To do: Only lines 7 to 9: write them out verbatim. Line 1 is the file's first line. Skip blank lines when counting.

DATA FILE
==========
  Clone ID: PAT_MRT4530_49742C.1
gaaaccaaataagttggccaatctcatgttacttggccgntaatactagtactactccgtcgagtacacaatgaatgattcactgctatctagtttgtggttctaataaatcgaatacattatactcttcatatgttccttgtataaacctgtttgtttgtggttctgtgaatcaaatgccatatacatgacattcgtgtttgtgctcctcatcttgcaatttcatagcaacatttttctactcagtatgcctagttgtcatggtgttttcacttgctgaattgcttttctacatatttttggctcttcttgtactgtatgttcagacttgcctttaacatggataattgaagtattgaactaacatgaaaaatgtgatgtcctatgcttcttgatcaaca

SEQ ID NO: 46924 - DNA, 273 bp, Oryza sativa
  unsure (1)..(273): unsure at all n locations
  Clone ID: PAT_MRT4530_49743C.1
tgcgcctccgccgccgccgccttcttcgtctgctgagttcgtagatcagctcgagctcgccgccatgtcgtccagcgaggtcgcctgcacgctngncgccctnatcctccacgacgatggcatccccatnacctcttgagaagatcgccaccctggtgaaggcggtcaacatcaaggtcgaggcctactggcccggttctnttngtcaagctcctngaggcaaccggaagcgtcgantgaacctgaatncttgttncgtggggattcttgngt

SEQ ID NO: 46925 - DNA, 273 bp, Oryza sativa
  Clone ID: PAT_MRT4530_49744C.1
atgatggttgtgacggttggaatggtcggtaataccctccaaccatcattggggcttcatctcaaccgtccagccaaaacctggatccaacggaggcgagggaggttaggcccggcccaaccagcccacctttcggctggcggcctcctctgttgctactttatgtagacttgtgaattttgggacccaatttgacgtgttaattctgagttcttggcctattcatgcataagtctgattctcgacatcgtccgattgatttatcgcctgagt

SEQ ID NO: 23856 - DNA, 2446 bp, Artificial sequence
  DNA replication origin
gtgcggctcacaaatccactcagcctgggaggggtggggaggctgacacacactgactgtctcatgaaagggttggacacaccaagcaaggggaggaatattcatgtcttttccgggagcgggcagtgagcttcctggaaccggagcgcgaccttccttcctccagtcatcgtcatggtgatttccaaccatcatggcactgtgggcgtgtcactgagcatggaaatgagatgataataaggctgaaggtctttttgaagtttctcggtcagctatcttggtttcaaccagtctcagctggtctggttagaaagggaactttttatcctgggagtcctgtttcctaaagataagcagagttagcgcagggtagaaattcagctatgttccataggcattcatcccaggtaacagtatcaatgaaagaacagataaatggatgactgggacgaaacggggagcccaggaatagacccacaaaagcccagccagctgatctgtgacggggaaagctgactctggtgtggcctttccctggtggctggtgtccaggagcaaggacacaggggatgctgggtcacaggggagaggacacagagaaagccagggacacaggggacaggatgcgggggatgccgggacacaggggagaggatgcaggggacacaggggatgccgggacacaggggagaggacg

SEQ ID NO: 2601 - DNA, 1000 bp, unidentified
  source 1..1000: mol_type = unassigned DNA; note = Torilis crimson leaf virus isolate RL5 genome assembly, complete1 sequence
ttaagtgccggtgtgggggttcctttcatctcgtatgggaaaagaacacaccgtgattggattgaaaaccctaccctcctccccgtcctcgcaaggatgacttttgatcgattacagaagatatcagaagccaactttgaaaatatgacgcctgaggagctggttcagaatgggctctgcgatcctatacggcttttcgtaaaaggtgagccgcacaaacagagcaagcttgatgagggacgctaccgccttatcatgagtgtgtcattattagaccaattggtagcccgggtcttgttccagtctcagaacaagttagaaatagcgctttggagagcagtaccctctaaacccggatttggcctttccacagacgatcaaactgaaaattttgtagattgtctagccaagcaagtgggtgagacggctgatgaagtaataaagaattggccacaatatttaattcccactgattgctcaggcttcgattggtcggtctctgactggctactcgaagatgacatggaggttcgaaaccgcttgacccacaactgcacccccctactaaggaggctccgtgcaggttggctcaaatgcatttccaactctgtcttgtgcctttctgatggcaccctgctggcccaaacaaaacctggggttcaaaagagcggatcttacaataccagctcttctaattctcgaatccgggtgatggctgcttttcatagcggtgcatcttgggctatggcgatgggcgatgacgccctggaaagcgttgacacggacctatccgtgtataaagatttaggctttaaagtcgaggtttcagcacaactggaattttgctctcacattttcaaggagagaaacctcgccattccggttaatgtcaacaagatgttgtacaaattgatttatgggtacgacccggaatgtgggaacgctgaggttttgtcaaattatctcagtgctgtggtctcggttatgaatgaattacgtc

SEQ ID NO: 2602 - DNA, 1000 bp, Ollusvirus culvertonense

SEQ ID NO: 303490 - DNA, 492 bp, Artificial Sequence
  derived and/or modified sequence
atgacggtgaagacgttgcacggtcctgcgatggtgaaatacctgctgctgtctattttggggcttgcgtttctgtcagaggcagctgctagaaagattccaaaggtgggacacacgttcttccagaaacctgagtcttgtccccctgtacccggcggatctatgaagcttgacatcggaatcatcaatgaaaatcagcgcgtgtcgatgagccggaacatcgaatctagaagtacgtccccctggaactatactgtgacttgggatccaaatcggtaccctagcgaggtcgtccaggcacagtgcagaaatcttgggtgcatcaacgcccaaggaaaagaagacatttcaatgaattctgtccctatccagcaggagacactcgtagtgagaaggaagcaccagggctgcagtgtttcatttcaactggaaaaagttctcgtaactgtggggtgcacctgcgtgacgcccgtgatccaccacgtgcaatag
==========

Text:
SEQ ID NO: 46925 - DNA, 273 bp, Oryza sativa
  Clone ID: PAT_MRT4530_49744C.1
atgatggttgtgacggttggaatggtcggtaataccctccaaccatcattggggcttcatctcaaccgtccagccaaaacctggatccaacggaggcgagggaggttaggcccggcccaaccagcccacctttcggctggcggcctcctctgttgctactttatgtagacttgtgaattttgggacccaatttgacgtgttaattctgagttcttggcctattcatgcataagtctgattctcgacatcgtccgattgatttatcgcctgagt